Quashed reporters’ subpoenas leads to overturning of murder conviction
TEXAS–The state’s highest criminal court in late April ruled that a trial court violated the defendant’s fair trial rights when it quashed subpoenas he served on two Dallas Morning News reporters.
The divided court, upholding the January 1996 decision of an intermediate appellate court in Waco reversing Lawron Coleman’s murder conviction, ruled 5-3 that the reporters should have been required to present proof that their testimony was not material or relevant to the case. Texas has no shield law.
The majority held that the defendant’s “properly requested, issued, and served subpoenas” constituted a sufficient initial showing that the evidence requested would be material to the defense. Once that showing is made, the burden shifts to the reporters to prove that their evidence would not be material or relevant, the court held. In this case, the trial court improperly required the defendant to demonstrate that his need for the reporters’ testimony overcame their qualified privilege not to testify, according to the high court.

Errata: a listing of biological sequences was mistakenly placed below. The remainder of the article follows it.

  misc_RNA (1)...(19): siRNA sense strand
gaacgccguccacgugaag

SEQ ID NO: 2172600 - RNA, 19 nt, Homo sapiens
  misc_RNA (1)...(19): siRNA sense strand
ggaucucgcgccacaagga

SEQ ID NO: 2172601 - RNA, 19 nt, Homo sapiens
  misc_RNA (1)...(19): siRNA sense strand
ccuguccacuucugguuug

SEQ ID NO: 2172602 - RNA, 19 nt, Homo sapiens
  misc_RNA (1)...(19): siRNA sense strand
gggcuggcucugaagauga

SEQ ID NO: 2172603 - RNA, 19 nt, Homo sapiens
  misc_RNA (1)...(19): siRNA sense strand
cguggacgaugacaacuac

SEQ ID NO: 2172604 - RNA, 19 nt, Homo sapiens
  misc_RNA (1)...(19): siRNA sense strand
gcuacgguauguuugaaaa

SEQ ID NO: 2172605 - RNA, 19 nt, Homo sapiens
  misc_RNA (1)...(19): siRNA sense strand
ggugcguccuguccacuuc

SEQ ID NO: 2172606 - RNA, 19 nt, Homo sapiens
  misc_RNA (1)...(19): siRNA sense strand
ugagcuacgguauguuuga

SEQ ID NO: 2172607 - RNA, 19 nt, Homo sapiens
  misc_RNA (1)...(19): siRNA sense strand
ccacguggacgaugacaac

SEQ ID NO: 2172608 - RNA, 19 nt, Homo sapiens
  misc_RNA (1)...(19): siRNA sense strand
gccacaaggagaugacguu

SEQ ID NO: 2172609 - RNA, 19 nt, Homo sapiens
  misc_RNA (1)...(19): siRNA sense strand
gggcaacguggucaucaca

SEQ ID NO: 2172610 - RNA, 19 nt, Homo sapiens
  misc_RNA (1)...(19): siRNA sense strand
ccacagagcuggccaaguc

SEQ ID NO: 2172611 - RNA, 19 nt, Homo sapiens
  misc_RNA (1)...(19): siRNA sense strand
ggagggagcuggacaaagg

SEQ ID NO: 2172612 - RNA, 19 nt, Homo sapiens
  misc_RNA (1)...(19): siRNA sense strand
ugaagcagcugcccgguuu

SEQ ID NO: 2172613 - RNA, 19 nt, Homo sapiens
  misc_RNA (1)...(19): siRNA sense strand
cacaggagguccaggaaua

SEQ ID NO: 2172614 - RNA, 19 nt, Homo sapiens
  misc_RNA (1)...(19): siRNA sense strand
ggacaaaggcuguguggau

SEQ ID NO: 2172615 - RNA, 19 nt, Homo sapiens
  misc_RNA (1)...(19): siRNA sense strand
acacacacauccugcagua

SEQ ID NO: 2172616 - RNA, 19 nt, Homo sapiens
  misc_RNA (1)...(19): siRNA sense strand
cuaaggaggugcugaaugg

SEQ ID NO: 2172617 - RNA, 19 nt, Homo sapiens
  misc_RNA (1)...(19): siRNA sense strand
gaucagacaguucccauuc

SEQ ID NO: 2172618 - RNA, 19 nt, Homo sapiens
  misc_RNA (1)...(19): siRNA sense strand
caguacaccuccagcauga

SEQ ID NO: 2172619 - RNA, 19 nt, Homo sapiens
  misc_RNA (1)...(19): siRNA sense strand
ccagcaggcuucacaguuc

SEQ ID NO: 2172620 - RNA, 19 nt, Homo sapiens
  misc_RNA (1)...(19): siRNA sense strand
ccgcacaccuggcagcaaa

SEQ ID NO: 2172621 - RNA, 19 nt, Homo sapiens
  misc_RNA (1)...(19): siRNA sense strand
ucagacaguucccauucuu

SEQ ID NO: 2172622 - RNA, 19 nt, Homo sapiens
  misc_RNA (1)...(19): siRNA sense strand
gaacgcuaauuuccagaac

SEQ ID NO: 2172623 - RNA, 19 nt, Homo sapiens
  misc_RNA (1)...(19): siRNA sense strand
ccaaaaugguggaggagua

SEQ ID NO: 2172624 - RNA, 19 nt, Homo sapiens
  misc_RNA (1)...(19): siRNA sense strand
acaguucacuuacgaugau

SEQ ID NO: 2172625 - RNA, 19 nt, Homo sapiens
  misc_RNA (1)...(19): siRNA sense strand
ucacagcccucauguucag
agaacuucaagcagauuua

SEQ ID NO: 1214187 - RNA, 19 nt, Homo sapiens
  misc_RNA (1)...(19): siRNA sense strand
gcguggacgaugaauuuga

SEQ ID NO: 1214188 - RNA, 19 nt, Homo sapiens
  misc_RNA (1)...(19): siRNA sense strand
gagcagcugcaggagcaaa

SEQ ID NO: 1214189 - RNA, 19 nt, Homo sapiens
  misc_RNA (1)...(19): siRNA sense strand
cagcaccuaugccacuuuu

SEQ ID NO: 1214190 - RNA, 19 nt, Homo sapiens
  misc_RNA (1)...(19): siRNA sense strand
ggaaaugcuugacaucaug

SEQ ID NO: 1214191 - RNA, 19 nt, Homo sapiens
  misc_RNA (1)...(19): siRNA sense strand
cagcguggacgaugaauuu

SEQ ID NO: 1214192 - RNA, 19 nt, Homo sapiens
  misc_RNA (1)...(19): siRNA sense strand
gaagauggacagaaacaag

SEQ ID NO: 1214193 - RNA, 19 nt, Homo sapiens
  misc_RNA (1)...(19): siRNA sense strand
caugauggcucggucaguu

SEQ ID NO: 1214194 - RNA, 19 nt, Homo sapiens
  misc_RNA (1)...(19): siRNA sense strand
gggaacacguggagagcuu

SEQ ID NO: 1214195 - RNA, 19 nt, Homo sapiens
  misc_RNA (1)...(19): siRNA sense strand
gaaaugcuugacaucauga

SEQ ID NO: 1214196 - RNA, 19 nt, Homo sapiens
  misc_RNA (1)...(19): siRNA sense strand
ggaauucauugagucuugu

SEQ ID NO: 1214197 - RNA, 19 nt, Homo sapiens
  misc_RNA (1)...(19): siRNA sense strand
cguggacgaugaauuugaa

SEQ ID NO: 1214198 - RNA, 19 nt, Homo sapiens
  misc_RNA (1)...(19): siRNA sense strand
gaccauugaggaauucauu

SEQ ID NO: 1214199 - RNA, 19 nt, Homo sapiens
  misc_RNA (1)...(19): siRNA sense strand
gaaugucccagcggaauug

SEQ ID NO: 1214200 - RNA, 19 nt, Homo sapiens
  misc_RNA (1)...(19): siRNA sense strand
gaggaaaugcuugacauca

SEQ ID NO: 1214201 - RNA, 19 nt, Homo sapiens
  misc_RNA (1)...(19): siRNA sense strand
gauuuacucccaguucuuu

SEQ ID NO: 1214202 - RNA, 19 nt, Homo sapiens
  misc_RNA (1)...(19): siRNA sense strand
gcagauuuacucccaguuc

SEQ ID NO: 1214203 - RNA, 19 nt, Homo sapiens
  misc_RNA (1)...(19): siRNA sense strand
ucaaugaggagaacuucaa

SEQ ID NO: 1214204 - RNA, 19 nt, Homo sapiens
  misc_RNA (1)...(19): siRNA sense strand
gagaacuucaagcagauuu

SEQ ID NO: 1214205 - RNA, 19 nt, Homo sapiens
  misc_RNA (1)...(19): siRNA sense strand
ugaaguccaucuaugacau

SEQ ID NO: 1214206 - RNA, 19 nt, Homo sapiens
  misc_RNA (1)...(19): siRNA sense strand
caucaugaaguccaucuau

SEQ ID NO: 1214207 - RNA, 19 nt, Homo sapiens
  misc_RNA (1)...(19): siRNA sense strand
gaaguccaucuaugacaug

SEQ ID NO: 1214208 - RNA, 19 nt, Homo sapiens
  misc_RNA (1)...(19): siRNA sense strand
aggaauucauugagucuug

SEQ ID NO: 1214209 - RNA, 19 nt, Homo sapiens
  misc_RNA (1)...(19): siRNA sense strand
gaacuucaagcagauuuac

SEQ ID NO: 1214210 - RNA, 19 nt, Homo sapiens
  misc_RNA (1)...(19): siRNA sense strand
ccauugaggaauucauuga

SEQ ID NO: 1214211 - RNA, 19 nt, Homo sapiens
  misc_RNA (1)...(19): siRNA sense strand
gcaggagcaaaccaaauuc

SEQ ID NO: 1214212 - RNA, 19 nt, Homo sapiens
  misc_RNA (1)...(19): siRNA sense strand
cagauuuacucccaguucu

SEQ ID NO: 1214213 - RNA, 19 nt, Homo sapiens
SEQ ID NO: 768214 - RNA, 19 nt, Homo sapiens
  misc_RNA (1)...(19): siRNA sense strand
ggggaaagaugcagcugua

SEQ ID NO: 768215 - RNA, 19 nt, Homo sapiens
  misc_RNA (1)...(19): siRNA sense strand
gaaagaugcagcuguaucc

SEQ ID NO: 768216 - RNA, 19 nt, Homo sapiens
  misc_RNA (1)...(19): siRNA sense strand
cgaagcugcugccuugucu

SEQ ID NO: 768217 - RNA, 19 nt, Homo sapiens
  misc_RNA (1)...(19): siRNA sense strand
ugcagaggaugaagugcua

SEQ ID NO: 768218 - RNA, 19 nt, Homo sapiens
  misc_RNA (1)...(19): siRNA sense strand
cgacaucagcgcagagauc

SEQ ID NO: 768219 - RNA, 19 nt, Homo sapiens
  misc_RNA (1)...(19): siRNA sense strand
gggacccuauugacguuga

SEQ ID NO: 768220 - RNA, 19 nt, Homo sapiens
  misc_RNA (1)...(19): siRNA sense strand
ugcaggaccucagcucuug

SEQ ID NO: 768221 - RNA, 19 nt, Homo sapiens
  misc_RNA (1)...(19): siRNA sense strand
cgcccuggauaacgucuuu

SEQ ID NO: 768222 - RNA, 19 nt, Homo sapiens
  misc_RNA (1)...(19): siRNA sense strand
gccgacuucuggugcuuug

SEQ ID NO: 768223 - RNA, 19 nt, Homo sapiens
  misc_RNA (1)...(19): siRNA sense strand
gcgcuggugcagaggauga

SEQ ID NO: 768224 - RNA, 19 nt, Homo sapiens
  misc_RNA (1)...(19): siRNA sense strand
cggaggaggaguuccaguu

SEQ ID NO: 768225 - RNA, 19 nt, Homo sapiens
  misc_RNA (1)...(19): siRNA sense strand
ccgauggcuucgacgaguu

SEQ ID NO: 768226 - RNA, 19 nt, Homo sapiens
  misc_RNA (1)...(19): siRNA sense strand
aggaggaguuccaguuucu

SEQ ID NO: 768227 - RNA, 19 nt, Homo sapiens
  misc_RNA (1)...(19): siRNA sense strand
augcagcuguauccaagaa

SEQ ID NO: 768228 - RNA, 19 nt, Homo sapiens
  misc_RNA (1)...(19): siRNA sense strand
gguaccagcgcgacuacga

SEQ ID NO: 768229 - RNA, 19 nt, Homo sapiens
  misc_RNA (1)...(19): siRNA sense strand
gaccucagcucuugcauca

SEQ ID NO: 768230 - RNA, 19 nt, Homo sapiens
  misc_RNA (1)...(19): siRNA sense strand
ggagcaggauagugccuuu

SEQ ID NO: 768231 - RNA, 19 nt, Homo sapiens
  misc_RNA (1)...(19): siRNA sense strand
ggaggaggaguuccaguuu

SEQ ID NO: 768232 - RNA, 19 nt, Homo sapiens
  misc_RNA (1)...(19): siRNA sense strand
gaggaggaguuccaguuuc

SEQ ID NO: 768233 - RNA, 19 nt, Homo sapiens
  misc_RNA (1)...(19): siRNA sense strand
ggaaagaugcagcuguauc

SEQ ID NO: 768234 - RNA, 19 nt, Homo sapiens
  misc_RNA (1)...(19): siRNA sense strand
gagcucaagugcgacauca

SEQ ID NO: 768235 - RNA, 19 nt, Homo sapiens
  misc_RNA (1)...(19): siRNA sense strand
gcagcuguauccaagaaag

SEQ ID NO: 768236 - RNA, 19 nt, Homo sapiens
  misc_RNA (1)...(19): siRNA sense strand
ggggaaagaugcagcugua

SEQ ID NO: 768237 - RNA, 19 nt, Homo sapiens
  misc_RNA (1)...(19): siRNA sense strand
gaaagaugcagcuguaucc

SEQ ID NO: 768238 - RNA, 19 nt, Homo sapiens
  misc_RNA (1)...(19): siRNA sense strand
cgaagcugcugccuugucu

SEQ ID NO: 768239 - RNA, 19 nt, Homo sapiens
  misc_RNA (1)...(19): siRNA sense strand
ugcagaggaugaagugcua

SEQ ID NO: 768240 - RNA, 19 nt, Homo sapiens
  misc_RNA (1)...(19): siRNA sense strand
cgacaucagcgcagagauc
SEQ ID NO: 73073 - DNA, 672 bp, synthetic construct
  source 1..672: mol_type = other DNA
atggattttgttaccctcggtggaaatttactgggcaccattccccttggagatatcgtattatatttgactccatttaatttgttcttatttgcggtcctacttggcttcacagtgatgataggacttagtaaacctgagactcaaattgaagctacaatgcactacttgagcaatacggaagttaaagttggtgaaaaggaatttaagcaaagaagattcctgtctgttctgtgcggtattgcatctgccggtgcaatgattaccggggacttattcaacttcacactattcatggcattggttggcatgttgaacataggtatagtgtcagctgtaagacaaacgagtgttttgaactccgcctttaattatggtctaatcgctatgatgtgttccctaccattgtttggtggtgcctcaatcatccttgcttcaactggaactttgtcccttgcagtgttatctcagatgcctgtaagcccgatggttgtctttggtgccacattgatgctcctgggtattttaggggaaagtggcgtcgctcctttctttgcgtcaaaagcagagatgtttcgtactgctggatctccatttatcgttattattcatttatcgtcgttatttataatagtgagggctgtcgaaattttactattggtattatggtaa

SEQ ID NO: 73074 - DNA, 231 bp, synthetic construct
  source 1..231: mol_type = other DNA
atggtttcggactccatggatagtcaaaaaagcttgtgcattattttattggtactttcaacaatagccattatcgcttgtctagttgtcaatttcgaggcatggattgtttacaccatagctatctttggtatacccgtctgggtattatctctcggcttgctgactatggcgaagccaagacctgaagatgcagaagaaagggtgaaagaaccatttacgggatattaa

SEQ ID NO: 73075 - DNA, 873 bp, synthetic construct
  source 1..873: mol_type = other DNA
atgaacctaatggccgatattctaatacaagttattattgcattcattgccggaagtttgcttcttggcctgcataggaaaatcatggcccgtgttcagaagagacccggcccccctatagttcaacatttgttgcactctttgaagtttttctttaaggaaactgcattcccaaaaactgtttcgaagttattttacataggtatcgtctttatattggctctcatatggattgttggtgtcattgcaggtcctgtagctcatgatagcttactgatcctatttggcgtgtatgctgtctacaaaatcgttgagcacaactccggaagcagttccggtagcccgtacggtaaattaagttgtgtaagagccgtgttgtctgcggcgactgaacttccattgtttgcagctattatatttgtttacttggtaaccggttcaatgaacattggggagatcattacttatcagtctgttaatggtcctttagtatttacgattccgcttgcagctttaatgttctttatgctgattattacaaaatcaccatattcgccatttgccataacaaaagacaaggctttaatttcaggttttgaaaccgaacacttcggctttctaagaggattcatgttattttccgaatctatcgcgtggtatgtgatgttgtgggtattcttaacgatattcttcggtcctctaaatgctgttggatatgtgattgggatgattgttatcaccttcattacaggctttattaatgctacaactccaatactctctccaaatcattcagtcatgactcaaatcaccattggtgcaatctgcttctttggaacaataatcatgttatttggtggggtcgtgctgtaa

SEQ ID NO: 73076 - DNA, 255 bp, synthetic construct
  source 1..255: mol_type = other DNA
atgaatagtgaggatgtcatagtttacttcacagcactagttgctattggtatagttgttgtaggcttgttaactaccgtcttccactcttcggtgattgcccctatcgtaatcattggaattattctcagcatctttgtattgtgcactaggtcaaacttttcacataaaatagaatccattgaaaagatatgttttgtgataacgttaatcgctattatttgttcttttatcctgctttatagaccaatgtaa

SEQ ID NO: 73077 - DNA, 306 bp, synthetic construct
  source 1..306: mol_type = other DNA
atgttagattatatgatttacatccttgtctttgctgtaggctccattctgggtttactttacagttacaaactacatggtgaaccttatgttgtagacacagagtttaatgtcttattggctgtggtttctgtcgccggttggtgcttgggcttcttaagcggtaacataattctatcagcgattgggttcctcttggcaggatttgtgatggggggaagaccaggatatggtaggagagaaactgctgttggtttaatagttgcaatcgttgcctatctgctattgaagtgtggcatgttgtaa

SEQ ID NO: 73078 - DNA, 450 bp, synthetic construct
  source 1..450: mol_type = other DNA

The dissenting justices said in two separate opinions that a defendant must be required to show that evidence subpoenaed is material and favorable to his defense, and noted that the application for subpoena, which simply states that the information is material, is insufficient.
The defendant had subpoenaed the two Morning News reporters to testify at his trial concerning their series of articles on gang violence published in January 1994, just before his trial on charges of murder stemming from a drive-by shooting in which he was involved. The trial court quashed the subpoenas, ruling that Coleman had failed to prove that any information the reporters had was highly relevant, necessary to his defense, and unobtainable from other sources.
Coleman argued that even though the reporters had no direct knowledge of the crime, their investigative work could provide impressions of the “atmosphere” surrounding the incident, which could relate to Coleman’s state of mind, a theory critical to his defense. (Coleman v. Texas)